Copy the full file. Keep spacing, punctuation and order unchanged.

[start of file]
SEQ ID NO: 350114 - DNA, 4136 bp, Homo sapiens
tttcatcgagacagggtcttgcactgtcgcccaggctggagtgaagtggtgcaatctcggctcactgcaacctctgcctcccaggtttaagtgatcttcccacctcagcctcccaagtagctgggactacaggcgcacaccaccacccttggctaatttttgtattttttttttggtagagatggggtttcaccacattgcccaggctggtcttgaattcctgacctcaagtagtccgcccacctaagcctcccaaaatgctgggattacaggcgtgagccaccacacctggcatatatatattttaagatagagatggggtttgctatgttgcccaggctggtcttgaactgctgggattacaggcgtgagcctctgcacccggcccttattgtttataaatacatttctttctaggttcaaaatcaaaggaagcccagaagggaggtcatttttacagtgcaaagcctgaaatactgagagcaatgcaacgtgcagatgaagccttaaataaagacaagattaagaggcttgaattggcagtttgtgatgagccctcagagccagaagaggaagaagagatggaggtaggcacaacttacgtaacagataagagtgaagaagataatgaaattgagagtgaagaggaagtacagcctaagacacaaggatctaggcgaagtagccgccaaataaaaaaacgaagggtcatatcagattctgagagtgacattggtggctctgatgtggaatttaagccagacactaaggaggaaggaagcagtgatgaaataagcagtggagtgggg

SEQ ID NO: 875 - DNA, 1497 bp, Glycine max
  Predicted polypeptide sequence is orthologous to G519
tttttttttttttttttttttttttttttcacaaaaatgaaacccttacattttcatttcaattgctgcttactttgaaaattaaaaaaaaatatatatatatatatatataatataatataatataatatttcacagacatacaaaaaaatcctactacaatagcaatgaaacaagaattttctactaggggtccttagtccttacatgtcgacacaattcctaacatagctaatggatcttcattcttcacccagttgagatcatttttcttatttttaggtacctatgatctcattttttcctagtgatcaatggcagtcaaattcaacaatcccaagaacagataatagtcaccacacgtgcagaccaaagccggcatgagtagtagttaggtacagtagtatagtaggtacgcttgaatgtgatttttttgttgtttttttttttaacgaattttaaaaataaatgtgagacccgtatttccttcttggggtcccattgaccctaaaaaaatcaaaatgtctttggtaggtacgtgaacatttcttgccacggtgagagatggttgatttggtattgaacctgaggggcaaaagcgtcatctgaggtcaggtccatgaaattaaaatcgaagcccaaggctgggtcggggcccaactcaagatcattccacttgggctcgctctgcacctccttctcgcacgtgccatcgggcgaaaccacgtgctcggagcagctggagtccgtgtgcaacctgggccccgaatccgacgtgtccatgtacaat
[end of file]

SEQ ID NO: 350114 - DNA, 4136 bp, Homo sapiens
tttcatcgagacagggtcttgcactgtcgcccaggctggagtgaagtggtgcaatctcggctcactgcaacctctgcctcccaggtttaagtgatcttcccacctcagcctcccaagtagctgggactacaggcgcacaccaccacccttggctaatttttgtattttttttttggtagagatggggtttcaccacattgcccaggctggtcttgaattcctgacctcaagtagtccgcccacctaagcctcccaaaatgctgggattacaggcgtgagccaccacacctggcatatatatattttaagatagagatggggtttgctatgttgcccaggctggtcttgaactgctgggattacaggcgtgagcctctgcacccggcccttattgtttataaatacatttctttctaggttcaaaatcaaaggaagcccagaagggaggtcatttttacagtgcaaagcctgaaatactgagagcaatgcaacgtgcagatgaagccttaaataaagacaagattaagaggcttgaattggcagtttgtgatgagccctcagagccagaagaggaagaagagatggaggtaggcacaacttacgtaacagataagagtgaagaagataatgaaattgagagtgaagaggaagtacagcctaagacacaaggatctaggcgaagtagccgccaaataaaaaaacgaagggtcatatcagattctgagagtgacattggtggctctgatgtggaatttaagccagacactaaggaggaaggaagcagtgatgaaataagcagtggagtgggg

SEQ ID NO: 875 - DNA, 1497 bp, Glycine max
  Predicted polypeptide sequence is orthologous to G519
tttttttttttttttttttttttttttttcacaaaaatgaaacccttacattttcatttcaattgctgcttactttgaaaattaaaaaaaaatatatatatatatatatataatataatataatataatatttcacagacatacaaaaaaatcctactacaatagcaatgaaacaagaattttctactaggggtccttagtccttacatgtcgacacaattcctaacatagctaatggatcttcattcttcacccagttgagatcatttttcttatttttaggtacctatgatctcattttttcctagtgatcaatggcagtcaaattcaacaatcccaagaacagataatagtcaccacacgtgcagaccaaagccggcatgagtagtagttaggtacagtagtatagtaggtacgcttgaatgtgatttttttgttgtttttttttttaacgaattttaaaaataaatgtgagacccgtatttccttcttggggtcccattgaccctaaaaaaatcaaaatgtctttggtaggtacgtgaacatttcttgccacggtgagagatggttgatttggtattgaacctgaggggcaaaagcgtcatctgaggtcaggtccatgaaattaaaatcgaagcccaaggctgggtcggggcccaactcaagatcattccacttgggctcgctctgcacctccttctcgcacgtgccatcgggcgaaaccacgtgctcggagcagctggagtccgtgtgcaacctgggccccgaatccgacgtgtccatgtacaat